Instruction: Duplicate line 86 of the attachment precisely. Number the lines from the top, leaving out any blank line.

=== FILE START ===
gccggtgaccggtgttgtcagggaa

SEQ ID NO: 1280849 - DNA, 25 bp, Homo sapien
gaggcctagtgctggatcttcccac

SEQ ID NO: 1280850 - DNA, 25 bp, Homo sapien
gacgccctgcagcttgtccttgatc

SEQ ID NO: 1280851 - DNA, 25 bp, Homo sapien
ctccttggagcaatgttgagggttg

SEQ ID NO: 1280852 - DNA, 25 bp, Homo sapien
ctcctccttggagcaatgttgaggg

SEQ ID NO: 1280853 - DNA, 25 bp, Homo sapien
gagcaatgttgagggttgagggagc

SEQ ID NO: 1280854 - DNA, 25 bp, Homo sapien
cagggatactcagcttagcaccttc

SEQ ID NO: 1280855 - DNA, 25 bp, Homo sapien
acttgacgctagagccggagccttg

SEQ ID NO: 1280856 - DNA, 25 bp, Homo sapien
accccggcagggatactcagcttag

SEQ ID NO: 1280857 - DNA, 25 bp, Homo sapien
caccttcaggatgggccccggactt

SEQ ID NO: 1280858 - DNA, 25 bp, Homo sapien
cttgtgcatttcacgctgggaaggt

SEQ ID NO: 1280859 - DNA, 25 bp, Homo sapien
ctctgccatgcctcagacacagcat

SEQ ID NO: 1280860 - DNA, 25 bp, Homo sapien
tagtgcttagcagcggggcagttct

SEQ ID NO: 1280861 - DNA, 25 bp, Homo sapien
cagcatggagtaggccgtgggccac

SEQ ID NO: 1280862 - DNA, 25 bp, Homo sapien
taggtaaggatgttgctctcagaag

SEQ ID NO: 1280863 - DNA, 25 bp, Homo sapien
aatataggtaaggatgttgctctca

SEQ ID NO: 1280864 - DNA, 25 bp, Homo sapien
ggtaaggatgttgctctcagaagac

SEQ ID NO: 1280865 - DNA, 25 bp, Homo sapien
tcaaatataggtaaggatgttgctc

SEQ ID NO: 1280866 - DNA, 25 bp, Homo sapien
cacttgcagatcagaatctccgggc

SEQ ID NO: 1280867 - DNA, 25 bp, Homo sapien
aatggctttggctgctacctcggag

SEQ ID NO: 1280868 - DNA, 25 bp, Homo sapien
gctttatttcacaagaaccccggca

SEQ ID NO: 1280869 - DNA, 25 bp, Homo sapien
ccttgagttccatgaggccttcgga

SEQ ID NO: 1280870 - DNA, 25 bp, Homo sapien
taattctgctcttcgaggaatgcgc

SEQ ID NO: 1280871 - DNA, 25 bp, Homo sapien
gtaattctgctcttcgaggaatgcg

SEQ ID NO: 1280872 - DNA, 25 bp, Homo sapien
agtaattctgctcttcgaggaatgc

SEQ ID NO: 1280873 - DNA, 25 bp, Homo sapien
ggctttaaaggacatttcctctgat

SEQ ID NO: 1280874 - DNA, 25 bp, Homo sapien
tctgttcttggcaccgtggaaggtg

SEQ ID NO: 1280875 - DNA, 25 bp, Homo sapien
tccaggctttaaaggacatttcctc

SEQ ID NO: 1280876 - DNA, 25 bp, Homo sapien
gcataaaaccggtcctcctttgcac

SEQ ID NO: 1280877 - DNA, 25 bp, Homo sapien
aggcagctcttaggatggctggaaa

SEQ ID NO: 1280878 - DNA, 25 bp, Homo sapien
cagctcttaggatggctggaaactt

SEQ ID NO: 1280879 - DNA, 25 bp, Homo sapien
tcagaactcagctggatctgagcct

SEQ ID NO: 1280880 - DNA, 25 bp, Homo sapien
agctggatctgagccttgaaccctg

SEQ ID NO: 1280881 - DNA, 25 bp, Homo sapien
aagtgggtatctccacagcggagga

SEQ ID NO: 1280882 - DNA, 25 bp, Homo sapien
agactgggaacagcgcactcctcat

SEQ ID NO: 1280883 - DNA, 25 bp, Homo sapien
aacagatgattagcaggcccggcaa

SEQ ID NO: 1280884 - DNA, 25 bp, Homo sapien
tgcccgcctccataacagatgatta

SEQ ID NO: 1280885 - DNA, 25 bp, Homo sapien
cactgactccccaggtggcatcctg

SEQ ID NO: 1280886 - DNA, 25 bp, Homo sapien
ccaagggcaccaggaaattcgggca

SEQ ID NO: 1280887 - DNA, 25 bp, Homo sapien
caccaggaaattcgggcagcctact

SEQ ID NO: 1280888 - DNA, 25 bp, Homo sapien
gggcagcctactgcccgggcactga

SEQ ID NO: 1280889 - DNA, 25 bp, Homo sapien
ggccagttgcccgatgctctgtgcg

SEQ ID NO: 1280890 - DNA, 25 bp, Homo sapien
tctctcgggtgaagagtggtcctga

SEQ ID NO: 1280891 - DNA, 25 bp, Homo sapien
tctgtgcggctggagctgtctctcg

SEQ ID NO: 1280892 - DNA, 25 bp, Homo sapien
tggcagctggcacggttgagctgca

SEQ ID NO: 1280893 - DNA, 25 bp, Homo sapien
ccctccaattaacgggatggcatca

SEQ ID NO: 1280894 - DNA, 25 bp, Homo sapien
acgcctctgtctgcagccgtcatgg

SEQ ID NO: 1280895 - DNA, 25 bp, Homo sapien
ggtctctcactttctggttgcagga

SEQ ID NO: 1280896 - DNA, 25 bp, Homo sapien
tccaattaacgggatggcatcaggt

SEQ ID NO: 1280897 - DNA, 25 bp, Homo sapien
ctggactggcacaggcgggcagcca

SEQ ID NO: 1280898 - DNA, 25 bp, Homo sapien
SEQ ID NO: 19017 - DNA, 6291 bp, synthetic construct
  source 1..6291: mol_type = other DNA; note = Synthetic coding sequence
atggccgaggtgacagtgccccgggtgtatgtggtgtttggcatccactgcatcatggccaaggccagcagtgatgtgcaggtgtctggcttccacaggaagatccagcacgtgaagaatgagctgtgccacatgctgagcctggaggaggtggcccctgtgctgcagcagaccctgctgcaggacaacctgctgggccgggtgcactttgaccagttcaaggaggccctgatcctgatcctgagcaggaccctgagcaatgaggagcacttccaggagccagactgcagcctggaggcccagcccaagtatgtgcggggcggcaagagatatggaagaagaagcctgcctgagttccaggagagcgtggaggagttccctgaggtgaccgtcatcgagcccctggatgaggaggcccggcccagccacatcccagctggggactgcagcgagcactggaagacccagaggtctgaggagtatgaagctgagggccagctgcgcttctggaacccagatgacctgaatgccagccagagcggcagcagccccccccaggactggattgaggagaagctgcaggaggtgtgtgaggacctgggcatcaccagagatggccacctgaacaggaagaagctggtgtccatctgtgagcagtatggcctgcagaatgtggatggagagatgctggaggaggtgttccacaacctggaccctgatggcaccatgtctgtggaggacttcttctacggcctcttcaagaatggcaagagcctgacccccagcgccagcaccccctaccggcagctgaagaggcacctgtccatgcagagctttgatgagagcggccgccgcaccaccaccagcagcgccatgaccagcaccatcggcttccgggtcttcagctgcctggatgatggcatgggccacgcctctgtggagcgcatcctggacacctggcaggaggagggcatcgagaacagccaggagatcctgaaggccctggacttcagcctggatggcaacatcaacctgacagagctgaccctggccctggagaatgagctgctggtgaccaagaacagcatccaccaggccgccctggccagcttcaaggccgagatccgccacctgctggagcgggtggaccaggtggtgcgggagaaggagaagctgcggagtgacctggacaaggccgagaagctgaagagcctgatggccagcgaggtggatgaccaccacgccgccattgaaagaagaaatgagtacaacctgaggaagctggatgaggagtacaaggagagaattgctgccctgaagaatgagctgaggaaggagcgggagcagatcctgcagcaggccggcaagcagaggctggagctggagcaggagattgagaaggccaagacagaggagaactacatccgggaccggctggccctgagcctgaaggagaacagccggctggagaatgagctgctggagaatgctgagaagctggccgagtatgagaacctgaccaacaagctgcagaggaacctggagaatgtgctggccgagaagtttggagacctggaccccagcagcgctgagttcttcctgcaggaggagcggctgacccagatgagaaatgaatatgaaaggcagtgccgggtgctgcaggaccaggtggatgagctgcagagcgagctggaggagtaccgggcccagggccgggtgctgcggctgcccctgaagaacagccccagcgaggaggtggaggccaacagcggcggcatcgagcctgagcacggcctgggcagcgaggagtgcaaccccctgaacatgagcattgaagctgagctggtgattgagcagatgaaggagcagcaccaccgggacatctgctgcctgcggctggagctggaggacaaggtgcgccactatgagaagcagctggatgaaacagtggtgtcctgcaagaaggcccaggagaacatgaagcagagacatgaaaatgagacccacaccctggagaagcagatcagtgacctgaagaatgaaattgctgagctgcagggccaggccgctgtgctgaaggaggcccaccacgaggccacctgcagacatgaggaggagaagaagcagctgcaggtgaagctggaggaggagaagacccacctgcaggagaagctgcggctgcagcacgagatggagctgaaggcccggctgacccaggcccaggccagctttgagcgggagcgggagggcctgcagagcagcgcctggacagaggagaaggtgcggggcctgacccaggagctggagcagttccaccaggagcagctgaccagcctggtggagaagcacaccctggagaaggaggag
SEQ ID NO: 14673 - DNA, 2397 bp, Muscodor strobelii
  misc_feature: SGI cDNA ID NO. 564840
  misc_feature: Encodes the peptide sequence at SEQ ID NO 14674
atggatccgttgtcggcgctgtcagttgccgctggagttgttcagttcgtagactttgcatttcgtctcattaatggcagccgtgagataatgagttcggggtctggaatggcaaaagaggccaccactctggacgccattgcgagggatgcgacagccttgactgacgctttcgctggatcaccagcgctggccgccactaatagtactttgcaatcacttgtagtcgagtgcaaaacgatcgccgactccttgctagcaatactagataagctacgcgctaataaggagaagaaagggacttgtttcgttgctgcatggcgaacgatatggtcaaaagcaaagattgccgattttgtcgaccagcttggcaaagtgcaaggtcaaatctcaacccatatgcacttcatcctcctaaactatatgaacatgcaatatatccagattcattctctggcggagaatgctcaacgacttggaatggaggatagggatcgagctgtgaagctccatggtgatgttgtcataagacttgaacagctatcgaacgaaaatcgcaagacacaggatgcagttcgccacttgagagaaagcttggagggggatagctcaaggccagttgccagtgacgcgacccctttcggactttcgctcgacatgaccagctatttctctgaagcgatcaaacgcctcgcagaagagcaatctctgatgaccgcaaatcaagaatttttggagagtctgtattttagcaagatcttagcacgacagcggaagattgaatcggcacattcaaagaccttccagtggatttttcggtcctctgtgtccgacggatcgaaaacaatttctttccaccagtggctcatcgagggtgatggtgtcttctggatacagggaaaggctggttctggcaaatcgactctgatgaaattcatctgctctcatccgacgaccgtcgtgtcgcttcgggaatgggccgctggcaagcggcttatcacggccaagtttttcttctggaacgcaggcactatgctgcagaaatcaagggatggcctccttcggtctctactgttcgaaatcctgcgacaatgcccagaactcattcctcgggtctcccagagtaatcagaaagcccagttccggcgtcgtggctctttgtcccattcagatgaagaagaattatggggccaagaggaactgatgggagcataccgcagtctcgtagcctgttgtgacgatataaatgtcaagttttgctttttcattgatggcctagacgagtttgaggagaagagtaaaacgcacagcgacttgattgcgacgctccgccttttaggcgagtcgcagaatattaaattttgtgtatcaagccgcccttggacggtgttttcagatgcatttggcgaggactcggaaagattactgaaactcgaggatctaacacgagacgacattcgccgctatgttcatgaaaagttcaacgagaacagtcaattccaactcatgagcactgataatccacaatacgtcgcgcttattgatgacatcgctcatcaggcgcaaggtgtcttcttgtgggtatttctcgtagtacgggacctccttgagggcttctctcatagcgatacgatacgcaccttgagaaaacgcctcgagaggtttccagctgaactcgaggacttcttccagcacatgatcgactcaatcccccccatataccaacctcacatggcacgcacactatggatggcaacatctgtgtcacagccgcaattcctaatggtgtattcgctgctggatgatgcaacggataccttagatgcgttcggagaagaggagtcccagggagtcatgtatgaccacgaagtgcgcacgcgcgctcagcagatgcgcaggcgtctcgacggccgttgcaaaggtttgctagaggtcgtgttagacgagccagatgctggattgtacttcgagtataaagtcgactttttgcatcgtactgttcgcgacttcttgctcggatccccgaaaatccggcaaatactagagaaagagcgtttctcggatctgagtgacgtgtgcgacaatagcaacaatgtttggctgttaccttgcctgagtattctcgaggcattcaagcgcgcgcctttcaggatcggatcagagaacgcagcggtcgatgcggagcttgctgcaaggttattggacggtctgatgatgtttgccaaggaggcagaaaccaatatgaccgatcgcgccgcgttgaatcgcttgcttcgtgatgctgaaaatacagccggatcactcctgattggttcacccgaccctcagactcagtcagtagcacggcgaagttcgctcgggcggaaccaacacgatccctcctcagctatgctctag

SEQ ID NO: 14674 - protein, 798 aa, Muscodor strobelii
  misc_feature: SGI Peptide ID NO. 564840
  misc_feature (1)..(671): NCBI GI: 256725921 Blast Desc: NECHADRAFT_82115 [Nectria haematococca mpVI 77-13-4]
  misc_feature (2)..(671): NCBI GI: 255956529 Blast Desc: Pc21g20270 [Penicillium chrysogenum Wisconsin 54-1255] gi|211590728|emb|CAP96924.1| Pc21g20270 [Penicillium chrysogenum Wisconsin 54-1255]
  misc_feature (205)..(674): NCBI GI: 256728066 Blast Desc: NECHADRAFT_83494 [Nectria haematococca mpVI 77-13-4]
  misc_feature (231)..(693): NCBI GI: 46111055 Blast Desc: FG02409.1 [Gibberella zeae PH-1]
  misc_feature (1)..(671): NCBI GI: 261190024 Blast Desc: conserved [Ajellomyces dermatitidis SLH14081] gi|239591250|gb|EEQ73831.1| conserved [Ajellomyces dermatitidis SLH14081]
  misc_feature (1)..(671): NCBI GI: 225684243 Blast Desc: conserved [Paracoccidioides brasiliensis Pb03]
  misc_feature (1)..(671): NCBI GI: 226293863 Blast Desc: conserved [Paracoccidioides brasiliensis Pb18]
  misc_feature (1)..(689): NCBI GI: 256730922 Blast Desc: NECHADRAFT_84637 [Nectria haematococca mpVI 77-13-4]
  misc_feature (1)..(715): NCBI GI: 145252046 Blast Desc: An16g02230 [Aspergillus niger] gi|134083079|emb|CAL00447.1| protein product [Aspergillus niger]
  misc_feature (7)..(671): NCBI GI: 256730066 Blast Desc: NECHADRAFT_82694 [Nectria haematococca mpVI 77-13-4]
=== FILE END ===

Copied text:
SEQ ID NO: 1280891 - DNA, 25 bp, Homo sapien